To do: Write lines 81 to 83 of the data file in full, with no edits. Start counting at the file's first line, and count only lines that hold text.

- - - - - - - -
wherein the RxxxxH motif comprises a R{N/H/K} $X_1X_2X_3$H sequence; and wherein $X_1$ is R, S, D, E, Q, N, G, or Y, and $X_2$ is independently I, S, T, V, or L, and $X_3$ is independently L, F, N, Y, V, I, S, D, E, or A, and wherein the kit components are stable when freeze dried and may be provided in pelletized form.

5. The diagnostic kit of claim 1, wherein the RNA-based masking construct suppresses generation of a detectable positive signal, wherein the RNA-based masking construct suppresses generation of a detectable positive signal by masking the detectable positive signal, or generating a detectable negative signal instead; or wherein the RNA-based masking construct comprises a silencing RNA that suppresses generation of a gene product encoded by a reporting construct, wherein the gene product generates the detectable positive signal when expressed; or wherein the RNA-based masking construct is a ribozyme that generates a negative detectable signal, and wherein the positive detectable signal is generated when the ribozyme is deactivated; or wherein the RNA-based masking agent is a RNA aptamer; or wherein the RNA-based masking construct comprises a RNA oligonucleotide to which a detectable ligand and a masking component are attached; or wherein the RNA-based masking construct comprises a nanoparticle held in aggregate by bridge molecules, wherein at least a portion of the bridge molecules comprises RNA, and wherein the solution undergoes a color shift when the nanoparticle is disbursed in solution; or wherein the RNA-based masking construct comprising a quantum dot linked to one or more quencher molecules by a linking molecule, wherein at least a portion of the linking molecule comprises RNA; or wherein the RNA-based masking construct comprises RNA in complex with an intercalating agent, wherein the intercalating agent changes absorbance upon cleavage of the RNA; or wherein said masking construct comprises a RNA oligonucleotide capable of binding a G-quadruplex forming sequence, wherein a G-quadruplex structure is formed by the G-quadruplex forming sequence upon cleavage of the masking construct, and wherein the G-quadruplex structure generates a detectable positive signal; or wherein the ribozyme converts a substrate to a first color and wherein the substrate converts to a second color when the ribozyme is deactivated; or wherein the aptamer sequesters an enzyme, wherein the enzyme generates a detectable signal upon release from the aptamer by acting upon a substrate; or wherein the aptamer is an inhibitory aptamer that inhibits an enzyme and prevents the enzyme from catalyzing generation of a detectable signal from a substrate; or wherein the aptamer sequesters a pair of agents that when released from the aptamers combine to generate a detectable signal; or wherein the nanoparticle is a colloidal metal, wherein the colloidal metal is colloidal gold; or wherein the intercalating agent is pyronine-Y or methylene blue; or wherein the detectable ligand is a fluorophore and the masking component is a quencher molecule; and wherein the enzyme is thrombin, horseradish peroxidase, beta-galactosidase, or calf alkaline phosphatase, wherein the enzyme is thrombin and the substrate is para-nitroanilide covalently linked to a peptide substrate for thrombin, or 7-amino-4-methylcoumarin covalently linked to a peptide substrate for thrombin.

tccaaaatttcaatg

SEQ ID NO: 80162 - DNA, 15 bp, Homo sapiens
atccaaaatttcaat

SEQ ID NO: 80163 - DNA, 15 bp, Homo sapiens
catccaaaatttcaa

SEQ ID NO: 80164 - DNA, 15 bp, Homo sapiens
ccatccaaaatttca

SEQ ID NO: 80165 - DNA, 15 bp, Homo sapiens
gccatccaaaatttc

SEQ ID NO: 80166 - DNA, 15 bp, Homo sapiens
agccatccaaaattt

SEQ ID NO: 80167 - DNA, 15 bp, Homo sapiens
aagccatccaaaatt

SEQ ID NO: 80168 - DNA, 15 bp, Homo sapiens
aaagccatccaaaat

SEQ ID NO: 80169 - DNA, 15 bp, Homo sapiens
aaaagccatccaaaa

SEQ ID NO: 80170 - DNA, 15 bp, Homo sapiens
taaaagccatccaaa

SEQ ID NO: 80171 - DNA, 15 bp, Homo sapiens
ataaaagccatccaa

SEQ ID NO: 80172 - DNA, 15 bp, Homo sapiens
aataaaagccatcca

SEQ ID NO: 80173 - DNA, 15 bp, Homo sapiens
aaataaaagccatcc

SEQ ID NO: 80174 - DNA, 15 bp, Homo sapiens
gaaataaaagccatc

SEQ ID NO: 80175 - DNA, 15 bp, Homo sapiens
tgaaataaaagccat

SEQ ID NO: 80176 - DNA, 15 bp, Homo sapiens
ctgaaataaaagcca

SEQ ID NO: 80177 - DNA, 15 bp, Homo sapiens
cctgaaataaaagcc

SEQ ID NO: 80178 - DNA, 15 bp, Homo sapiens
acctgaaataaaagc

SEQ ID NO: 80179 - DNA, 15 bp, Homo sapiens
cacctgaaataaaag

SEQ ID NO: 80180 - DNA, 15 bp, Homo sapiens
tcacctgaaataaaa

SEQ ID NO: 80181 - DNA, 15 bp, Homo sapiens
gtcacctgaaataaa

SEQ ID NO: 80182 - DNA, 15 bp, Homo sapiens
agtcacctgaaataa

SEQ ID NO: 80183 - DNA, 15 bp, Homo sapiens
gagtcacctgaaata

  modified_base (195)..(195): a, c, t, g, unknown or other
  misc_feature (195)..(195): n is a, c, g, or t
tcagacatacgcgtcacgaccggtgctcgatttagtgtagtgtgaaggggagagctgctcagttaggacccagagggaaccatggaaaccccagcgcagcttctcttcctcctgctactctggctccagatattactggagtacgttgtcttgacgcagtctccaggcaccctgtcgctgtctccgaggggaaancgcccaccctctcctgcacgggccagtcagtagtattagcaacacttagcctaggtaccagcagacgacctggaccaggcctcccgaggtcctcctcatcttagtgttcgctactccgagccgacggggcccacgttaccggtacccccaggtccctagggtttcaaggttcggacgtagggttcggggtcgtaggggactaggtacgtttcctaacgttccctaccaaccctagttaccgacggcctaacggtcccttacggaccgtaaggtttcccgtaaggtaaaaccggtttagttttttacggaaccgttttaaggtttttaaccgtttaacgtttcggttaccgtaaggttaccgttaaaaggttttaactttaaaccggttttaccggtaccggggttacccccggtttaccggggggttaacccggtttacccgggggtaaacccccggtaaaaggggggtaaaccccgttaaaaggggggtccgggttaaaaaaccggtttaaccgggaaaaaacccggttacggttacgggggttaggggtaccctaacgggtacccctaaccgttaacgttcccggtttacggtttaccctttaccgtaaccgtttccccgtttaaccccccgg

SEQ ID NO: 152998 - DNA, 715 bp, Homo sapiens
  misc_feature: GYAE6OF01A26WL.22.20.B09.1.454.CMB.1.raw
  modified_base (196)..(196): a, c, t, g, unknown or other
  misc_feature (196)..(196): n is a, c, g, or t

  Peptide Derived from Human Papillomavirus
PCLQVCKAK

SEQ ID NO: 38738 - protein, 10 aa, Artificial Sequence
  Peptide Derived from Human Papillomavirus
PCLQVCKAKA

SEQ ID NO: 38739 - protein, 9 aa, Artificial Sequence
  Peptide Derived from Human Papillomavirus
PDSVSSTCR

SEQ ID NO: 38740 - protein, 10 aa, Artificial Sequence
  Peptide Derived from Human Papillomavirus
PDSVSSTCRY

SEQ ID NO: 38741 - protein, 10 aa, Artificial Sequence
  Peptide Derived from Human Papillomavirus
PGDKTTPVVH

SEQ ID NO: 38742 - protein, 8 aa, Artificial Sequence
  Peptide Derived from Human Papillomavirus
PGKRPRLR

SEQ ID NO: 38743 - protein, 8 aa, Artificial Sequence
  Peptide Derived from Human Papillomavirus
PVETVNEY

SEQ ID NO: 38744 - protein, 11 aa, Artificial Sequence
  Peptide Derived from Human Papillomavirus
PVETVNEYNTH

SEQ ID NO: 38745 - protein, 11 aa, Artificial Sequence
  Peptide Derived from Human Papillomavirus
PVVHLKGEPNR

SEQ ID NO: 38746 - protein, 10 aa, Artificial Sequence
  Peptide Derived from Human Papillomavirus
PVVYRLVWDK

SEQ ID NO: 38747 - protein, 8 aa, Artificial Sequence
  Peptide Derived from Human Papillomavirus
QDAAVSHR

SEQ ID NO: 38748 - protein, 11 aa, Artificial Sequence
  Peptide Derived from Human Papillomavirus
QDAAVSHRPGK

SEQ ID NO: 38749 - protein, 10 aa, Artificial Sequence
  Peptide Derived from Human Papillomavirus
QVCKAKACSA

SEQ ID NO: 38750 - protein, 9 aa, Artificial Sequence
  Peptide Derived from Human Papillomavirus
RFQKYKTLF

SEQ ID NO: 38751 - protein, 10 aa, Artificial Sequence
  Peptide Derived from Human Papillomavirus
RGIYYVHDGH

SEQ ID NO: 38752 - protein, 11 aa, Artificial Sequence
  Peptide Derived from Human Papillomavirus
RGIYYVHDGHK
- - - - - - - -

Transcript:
SEQ ID NO: 38746 - protein, 10 aa, Artificial Sequence
  Peptide Derived from Human Papillomavirus
PVVYRLVWDK